Lebanon suffers pollution by land, sea and air Citizens' average age down by 25%

Fri 18 Mar 2016 at 13:13 Economy
Written by Rana Serhan
Translated by Daisy Khalil

NNA - Health hazards are closing little by little on Lebanese citizens after the major environmental risks that took the country by storm over the past few years.
Analysts and experts either settled for describing the situation as 'alarming' or attempted to claim the waste crisis 'innocent' of the many cases of infection and death in Lebanese hospitals; however, studies reveal a dreadful opposite reality.

Describing this ugly truth, Dr. Suha Kinj Sharar, Head of the Bacterial Diseases Department at the American University Medical Center told the National News Agency that "waste is an indicator of the risk which began to dominate over the lives of the Lebanese citizens."

"We must spot the diseases generating from waste proliferation rather than settle for predicting what will happen next. Waste and toxins are the main reason for the increased incidence of bacterial stomach diseases which doubled in percentage throughout this year. We have been witnessing remarkable widespread of salmonella bacteria, which usually spreads during summer only, as opposed to this year," Sharara said, explaining that Salmonella usually manifests 12 hours to three days after the infection occurs.

"The symptoms include fever, abdominal cramps and severe diarrhea, and they may last for 5 days to a week. However, the bowel activity could not be back to normal until several months after the occurrence of the first symptoms," she added, noting that the signs are more serious among elderly, infants and people with chronic diseases, such as diabetes.

"Some types of salmonella can cause typhoid fever which is a deadly disease that can lead to a rise in temperature up to 40 degrees, a case that is more prevalent in developing countries," she said, explaining that "typhoid fever has been reoccurring in Lebanon for some time, but it began to grow significantly after the waste crisis, akin to insect-borne skin infections, mainly in overpopulated cities."
"Sever Pneumonia is also spreading among adults above the age of fifty," Sharara concluded.

On a different note, professor of chemistry and director of the Nature Conservation Center at the American University of Beirut, Dr. Najat Saliba said "the results of the study made by the research unit on the air quality (...) are disastrous. The study confirmed that Lebanese citizens' average age, relatively to what they breathe of oxygen in the air, is shorter by 25%."

"The research unit has been assessing cancer risks during the days where waste was being burned, and it turned out airborne carcinogens have increased by 2300 percent in those days," she explained.

Saliba said "based on the results we have obtained with the help of the scientific research center managed by Dr. Moiin Hamzeh, who spared no effort to detect what the citizens are inhaling amid these environmental crimes, the study revealed that the daily rates of particles with a diameter of 10 micrometers or less -- 2.5 micrometers or less -- exceeded the rates mentioned in the 24-hr directives of the WHO by up to 276%. A massive increase in these particles' level has been recorded on October 5 and 17."

"In addition to that, another indicator of burning garbage has been measured; it is the concentration of metals as lead, cadmium, manganese, titanium, chromium and arsenic -- as per Method IO-3.5 of the United States Agency for Environmental Protection. This study revealed an increase of 98 to 144%," Saliba went on, explaining that organic substances, specifically the toxic sixteen Polycyclic Aromatic Hydrocarbons, also showed that the most carcinogen substance among these, named Benzo[a]pyrene, has doubled by about 2.3 times.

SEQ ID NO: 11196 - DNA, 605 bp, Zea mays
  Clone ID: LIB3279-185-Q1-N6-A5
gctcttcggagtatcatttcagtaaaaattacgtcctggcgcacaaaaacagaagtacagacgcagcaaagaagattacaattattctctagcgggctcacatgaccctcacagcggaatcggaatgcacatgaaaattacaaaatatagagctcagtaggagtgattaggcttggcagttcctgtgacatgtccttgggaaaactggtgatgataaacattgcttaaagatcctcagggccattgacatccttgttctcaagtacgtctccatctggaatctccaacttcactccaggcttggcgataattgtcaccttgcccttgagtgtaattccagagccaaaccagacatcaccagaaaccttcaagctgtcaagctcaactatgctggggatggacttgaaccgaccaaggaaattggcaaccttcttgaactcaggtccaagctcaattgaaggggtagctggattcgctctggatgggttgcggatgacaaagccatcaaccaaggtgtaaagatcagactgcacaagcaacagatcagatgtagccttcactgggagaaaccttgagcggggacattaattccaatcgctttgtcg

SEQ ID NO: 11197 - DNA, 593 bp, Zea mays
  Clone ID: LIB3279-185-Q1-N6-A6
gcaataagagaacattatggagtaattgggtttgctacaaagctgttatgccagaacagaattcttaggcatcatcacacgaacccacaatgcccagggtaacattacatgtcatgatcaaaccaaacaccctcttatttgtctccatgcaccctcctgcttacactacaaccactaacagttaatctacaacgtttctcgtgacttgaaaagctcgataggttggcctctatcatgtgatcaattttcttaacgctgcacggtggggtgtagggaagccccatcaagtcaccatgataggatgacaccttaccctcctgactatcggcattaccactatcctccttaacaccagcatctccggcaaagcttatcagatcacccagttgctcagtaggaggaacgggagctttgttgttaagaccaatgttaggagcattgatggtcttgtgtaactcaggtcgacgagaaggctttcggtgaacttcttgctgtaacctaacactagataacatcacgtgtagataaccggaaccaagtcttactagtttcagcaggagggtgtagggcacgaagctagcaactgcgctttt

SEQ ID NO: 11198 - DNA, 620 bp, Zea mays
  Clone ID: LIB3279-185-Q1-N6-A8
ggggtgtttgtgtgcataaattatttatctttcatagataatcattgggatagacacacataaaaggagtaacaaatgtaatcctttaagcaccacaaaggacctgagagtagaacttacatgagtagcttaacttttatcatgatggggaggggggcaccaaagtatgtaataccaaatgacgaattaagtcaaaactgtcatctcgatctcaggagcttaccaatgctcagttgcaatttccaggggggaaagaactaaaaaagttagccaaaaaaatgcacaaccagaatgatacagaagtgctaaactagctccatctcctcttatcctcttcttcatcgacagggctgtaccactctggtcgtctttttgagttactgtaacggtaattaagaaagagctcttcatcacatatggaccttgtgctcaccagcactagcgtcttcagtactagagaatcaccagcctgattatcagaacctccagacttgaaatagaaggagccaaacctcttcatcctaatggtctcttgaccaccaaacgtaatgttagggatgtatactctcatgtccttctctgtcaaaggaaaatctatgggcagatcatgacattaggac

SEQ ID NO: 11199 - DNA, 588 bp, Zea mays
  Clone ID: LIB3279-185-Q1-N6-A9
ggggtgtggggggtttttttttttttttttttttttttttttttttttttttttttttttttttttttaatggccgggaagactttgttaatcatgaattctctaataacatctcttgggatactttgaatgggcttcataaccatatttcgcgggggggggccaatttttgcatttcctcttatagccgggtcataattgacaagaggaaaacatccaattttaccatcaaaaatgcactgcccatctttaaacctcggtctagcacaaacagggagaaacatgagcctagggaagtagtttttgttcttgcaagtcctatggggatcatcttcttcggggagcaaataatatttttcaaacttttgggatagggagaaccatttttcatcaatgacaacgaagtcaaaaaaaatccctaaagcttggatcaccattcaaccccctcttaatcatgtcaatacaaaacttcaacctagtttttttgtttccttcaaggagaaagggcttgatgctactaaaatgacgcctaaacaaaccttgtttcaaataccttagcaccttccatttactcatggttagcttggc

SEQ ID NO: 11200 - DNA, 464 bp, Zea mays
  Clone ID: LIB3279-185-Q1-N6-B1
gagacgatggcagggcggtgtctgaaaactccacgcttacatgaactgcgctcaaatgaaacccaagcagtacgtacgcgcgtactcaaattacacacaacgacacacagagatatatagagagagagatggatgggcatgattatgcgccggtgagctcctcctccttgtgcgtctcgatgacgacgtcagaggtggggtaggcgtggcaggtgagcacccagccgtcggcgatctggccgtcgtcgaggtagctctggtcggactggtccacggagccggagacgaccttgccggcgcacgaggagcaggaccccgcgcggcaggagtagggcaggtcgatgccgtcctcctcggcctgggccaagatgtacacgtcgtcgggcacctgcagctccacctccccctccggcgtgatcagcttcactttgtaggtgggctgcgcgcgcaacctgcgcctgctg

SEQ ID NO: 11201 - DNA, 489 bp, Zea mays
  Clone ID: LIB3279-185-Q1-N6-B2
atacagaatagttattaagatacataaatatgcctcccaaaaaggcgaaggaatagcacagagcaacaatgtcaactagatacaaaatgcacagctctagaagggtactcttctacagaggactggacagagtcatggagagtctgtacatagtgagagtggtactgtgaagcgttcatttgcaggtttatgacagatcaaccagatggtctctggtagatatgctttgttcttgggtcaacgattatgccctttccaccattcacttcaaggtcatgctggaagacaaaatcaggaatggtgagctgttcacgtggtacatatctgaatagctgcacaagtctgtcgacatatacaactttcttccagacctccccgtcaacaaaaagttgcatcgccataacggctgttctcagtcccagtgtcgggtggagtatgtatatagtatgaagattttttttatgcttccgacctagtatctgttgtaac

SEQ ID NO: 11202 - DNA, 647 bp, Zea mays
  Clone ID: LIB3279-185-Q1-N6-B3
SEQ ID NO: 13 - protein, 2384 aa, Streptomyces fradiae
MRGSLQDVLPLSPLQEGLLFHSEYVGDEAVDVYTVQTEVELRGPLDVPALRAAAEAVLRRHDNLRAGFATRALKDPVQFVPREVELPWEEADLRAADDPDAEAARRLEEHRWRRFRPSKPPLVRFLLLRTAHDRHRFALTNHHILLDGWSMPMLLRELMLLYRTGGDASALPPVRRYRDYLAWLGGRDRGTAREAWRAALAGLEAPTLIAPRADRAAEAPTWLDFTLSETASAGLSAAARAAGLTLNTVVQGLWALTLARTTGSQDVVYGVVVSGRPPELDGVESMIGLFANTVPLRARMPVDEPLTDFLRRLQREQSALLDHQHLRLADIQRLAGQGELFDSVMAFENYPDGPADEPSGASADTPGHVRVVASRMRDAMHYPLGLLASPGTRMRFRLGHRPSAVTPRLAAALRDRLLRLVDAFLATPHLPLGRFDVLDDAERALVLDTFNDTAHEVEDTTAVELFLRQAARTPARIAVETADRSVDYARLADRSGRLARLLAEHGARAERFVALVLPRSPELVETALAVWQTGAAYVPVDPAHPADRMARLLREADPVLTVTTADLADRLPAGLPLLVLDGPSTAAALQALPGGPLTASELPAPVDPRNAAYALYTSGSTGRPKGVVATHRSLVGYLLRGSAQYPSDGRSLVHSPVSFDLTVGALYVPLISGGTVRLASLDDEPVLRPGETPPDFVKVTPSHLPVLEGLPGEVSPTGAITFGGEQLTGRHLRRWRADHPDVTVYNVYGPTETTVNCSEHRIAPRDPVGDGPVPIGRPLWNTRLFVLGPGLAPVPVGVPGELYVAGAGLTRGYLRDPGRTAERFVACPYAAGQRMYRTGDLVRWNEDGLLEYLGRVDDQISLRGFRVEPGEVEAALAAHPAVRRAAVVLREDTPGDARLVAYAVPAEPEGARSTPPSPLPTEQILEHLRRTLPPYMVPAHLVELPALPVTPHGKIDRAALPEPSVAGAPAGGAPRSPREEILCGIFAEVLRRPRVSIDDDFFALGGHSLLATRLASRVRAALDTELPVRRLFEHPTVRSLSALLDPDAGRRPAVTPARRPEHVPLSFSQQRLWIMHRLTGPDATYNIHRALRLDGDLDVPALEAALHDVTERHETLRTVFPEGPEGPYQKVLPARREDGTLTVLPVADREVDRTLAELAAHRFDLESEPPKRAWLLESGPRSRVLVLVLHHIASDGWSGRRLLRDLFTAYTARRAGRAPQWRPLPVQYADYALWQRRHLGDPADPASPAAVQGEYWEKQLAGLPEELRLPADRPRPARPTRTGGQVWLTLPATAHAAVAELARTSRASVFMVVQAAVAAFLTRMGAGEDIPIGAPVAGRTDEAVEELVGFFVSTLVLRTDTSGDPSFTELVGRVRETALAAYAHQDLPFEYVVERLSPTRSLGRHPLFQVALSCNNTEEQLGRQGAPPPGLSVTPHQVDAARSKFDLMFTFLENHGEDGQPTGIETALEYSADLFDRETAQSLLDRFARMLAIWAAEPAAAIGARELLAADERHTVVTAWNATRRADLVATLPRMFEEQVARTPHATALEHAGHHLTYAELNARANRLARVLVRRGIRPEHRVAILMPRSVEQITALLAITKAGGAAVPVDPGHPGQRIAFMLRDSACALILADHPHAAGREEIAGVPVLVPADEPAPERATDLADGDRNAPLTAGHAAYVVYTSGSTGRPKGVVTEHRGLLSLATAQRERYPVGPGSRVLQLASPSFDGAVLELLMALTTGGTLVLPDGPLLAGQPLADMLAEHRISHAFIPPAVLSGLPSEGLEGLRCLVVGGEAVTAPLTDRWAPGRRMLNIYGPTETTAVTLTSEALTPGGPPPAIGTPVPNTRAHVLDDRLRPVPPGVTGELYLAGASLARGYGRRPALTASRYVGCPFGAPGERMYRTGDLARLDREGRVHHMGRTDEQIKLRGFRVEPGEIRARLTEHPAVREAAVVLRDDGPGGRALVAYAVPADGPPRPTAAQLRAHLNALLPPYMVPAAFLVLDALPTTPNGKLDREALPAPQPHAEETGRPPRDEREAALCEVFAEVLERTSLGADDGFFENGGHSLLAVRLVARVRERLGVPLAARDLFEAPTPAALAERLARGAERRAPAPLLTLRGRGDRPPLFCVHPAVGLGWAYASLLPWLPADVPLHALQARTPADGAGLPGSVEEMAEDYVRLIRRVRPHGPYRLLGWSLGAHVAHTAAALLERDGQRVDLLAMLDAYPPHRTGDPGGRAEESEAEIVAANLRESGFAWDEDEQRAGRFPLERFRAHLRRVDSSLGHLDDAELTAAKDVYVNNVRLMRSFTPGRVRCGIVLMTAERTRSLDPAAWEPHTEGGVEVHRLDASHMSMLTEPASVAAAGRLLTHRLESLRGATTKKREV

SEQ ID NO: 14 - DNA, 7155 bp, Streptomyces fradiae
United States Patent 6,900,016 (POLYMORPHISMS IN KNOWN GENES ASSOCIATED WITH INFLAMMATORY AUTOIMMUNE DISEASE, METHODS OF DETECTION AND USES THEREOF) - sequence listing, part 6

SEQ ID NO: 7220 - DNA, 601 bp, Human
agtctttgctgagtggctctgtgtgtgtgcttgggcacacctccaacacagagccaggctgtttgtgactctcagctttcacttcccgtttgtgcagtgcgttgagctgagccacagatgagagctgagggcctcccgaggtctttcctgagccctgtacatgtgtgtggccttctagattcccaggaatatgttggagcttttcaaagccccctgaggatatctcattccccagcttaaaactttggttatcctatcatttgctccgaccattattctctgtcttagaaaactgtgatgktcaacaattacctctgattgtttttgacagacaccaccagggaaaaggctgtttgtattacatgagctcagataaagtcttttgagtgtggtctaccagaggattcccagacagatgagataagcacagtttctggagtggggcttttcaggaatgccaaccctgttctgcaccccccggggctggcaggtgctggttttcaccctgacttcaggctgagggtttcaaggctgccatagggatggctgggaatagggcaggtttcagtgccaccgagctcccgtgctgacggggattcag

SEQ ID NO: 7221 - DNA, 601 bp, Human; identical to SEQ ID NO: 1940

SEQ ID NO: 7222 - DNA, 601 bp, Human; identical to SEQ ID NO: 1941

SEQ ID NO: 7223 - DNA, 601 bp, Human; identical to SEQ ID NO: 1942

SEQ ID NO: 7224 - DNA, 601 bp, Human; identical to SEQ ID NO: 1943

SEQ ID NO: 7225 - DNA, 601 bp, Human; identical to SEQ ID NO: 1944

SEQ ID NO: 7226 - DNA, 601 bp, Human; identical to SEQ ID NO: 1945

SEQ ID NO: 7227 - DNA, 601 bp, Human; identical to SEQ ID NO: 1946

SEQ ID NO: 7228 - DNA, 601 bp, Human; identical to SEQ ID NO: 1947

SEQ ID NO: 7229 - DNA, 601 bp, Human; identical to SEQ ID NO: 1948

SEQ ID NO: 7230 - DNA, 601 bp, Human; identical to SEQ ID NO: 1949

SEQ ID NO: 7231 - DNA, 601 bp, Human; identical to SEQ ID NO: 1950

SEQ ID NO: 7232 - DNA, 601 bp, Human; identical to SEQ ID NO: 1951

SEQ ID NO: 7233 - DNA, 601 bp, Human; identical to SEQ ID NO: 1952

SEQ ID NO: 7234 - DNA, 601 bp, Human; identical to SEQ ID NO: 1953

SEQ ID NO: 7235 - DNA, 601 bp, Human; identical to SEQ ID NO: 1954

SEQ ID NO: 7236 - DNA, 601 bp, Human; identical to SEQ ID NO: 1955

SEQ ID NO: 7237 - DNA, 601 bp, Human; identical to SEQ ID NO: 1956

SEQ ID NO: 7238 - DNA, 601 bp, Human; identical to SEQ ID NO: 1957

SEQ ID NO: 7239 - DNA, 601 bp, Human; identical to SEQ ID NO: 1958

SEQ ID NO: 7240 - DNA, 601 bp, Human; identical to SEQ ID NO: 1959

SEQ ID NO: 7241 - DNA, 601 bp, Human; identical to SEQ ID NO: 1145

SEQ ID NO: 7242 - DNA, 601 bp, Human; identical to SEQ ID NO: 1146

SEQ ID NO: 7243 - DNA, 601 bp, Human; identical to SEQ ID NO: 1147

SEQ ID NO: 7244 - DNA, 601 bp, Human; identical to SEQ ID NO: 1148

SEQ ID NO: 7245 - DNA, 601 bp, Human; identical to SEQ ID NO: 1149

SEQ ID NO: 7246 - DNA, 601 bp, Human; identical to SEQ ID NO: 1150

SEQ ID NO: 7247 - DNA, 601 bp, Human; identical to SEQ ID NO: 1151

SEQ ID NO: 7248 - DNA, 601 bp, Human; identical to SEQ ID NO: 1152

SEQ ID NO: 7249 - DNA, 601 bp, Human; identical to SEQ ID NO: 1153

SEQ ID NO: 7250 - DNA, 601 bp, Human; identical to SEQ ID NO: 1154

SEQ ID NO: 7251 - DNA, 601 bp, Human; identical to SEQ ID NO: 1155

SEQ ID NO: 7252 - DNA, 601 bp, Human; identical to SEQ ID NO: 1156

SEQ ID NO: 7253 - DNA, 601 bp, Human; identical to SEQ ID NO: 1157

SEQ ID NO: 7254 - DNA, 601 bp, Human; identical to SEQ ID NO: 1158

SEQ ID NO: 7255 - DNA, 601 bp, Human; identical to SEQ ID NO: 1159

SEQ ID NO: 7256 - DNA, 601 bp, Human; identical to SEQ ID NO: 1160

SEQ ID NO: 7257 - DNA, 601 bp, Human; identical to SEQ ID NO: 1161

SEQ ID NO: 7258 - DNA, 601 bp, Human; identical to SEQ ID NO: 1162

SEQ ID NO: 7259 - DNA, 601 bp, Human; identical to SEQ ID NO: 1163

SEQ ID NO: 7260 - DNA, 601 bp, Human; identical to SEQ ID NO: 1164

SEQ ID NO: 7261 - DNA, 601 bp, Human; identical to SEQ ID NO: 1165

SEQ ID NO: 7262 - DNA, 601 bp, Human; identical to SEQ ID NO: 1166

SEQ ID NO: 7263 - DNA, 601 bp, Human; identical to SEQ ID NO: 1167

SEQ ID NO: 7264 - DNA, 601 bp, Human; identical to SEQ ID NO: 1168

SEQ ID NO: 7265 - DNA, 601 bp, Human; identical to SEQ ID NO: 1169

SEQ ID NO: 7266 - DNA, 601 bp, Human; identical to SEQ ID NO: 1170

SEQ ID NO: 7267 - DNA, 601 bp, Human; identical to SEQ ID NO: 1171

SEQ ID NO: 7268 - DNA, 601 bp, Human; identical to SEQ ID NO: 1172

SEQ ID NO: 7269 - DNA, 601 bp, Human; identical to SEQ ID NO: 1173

"(...) In conclusion, the short-term risk of cancer increased by about one in a million to 18 people in the days during which garbage was burned," she said.

"When the research unit reviewed these direct threats to the health of the population (…), it published the information it had in a bid to reduce this risk, and that after Health Minister Wael Abou Faour insisted on forming an Emergency Committee to follow-up on this dossier, and after the decision to prevent municipalities from burning garbage," Saliba said.

"The [Health] Ministry's staff worked on more than one front in epidemiological surveillance (...) to complete the process of water testing in certain places and make the necessary contact with relevant ministries. But the required follow-up has not been fulfilled, perhaps for lack of potentials," Saliba said, accusing the Ministry of Environment of paying little attention to the issue of climate pollution from the burning of waste.

"As for our maritime concerns, we warn the Lebanese not to approach the beaches, starting with spring and summer, because Smallpox is spread close to the beach. We claim serious support for real studies to reveal how clean is the sea water from E.Coli disease," she urged.

- Agricultural Research Institute report:

Not far from that, the report released by the Agricultural Research Institute gives evidence to the real disaster in water resources in Lebanon, based on analyzing rivers' water. (...) Studies demonstrate that the water of rivers flowing into the sea contains mercury, lead, copper, arsenic and nitrogen.

The report reveals that the level of Staphylocoque Pseudomonas bacteria in waters ranges between 7 and 40 million/ml, which is considered deadly. If not lethal, it could lead to weakness in the retina, loss of vision and miscarriage.

It is essential to know that waste sludge pours into springs and rivers down to the groundwater or to the sea, and thus to every Lebanese citizen, only if the latter hasn't yet been infected by the poisonous air he breathes, or by a simple handshake.


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